- Go to your post-operative appointments. These are important so that your surgeon can gauge your progress and assess any further needs you may have to improve your results or experience and for you to share your thoughts, express concerns or ask advice.
- Keep in touch with your employer since they will be interested in knowing when you will be returning to work or if you require additional time to recover. They can then make arrangements to meet their needs and yours.
- Most importantly, relax. Don’t stress. Being stress-free is very important for your recovery. You only have one chance to heal right and plenty of rest is the only way to get the healing process going in the right direction. You’re probably going to need a minimum of 2 weeks away from work/school and if you can arrange to take more time, do it. You are going to have days where you feel wonderful and days when you find you don’t have any energy, you are sore or swollen or you are just feeling like you don’t want to do anything at all. This is not the time to be shopping – the bras and cute clothes can wait – if you overdo it in the beginning of the healing process, you may regret it as your recovery progresses. Be prepared to look after yourself and be looked after, guilt-free.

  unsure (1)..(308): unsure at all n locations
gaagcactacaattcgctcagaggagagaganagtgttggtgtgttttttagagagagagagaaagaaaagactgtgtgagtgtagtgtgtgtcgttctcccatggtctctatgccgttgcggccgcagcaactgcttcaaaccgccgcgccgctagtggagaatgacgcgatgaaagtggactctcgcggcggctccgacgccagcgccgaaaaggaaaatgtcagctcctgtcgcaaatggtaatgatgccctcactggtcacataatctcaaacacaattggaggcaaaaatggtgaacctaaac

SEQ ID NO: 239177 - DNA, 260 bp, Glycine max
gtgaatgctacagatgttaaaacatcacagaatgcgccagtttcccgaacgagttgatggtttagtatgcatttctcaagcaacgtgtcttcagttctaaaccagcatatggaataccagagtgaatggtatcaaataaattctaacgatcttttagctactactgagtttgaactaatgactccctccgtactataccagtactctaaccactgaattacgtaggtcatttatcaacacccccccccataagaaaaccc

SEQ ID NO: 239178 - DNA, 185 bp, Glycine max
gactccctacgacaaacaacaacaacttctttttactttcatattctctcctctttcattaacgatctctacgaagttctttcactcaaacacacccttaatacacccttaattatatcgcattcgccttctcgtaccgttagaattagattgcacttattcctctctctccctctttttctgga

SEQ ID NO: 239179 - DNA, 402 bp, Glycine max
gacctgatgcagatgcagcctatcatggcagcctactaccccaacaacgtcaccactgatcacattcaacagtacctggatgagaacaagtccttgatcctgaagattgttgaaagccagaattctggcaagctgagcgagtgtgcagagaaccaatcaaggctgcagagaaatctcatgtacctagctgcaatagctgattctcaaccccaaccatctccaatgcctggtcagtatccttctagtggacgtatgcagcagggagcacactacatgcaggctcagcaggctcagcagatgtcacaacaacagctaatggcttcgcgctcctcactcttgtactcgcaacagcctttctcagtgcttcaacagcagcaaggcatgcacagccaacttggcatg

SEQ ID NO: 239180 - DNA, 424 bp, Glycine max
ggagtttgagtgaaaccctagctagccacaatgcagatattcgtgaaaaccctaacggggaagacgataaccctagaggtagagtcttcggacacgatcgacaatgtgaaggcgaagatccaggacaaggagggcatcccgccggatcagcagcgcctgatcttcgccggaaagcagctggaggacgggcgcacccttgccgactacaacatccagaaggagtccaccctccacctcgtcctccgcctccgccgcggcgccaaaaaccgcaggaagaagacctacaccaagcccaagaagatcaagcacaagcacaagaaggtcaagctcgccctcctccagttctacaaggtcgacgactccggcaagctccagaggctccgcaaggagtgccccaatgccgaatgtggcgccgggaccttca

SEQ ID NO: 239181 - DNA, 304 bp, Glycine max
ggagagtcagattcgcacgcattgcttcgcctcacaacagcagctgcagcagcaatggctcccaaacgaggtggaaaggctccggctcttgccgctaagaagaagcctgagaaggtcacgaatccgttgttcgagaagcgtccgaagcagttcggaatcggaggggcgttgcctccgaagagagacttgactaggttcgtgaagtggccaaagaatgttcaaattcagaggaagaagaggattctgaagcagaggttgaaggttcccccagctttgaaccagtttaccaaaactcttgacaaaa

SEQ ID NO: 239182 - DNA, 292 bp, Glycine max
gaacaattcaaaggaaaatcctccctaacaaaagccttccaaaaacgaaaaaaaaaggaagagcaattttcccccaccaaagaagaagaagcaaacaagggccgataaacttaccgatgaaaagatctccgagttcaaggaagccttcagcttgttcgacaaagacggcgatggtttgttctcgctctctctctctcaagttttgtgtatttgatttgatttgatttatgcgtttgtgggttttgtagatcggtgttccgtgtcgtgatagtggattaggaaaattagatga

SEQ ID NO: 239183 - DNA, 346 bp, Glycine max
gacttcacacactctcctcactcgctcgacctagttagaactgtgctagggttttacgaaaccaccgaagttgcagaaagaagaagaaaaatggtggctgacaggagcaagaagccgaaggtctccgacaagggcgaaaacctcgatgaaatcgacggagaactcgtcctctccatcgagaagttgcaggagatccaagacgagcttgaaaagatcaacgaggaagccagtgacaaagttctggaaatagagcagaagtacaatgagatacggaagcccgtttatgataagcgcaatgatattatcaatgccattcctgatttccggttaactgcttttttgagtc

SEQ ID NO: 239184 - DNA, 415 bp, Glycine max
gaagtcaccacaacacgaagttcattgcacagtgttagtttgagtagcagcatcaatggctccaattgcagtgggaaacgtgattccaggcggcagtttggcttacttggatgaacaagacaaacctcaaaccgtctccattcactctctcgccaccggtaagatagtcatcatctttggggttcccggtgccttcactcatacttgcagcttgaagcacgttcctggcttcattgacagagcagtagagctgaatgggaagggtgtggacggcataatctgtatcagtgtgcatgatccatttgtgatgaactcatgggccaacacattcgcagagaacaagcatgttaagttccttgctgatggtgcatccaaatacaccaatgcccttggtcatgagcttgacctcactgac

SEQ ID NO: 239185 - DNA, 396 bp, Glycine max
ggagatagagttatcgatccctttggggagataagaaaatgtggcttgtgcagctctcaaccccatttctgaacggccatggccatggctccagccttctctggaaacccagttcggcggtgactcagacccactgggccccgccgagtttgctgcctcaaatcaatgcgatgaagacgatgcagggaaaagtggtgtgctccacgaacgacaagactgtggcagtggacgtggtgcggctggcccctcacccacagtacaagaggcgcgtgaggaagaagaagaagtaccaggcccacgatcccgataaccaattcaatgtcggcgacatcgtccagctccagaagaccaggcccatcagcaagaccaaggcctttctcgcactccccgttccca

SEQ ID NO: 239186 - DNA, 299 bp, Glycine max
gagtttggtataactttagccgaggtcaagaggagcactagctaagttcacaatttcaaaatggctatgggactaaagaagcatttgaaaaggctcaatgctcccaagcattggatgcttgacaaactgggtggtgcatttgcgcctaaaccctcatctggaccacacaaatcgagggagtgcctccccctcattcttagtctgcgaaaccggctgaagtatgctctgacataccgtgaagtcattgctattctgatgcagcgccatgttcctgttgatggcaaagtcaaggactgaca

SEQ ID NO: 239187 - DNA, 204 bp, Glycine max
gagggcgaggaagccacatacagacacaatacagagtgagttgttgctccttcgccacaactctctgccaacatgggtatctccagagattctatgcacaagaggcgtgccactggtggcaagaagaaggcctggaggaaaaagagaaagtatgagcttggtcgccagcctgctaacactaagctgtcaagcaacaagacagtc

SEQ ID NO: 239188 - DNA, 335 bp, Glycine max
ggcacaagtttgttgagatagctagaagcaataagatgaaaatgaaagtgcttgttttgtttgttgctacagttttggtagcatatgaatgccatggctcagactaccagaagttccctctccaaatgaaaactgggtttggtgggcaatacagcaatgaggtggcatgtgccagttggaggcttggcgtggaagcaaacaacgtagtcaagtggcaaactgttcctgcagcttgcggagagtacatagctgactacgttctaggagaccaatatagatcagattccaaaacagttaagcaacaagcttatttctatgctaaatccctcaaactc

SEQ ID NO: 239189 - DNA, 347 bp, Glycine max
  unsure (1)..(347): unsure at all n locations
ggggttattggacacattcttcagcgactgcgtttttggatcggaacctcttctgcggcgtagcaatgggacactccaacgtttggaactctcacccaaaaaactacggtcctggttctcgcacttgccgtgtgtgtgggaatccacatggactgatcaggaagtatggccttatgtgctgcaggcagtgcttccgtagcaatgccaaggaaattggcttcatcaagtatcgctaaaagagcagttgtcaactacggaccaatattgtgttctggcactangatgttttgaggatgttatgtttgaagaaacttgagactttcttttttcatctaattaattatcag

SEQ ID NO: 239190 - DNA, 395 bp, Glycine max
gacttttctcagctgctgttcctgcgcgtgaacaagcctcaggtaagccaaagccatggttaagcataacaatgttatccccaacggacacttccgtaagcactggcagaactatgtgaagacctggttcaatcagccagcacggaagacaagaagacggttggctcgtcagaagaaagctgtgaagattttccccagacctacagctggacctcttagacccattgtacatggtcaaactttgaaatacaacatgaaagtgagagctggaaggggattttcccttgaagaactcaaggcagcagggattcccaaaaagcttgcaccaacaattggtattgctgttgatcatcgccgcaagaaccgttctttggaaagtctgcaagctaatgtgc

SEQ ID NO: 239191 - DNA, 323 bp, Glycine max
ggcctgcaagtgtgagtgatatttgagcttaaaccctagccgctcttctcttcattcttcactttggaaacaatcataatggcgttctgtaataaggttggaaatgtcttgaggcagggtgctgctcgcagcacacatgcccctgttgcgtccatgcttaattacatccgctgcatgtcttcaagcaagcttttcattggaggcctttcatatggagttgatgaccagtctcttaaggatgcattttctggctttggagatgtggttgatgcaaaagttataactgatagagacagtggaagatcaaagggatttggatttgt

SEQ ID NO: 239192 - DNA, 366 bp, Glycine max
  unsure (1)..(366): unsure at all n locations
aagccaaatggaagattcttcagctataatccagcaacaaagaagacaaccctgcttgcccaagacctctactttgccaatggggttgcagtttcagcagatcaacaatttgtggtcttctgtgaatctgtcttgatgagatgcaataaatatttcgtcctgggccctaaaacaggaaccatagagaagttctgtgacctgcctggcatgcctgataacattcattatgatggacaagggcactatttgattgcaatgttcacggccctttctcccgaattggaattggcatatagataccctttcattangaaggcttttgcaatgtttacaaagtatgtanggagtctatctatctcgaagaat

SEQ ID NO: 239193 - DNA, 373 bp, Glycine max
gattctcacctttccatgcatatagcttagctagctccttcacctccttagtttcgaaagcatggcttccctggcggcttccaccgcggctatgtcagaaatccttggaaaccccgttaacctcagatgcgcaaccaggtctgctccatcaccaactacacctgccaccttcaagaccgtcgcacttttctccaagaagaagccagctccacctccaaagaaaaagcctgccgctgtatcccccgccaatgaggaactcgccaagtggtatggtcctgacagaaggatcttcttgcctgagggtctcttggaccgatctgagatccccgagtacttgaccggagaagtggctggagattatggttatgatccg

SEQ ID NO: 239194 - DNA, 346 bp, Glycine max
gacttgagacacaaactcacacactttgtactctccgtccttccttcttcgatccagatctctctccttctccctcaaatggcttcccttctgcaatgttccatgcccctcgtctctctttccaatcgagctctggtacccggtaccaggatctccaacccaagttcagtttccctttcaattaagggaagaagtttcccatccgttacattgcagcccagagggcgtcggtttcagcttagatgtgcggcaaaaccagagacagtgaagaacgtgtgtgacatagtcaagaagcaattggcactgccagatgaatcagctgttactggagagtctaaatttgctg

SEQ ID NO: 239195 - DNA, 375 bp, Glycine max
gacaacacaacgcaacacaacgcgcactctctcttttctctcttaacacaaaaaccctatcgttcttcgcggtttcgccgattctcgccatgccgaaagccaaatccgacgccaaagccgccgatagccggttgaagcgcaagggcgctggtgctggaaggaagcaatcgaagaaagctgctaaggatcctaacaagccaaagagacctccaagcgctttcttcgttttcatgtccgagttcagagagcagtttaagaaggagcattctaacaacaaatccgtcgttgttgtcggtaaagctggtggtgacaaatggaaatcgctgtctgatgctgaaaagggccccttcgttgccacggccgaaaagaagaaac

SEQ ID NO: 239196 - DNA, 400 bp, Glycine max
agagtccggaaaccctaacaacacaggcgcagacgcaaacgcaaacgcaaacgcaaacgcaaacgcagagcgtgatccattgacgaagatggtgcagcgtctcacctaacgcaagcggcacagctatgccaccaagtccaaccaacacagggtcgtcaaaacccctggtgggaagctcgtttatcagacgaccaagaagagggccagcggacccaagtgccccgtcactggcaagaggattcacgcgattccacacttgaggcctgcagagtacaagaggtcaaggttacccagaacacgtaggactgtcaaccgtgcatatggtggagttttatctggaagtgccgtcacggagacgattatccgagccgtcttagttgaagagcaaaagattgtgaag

- Follow the instructions of your surgeon regarding resuming day to day activities including sports, exercise and swimming and strenuous activities at work.
- It is quite probable that your final results may take up to a year to achieve. No trying on old bras or analysing in the mirror in the first month or two – you’ll drive yourself crazy! Two weeks or two months is not the time to “think you’ve reached your final size”.
We thought we would put together a must-have list of recovery tips for patients. This post focuses on swelling tips. Most patients who have plastic surgery are worried about post-operative swelling and how they can minimise this unsettling symptom. As swelling can remain for days, weeks or longer, being prepared and knowing the key recovery tips will greatly help to minimise swelling.
London Cosmetic Surgery group Berkeley Square Medical, is one of the UK’s leading providers of Aesthetic and Cosmetic Surgery .
For more information about Berkeley Square Medical, please visit: https://www.berkeleysquaremedical.com/breast-reduction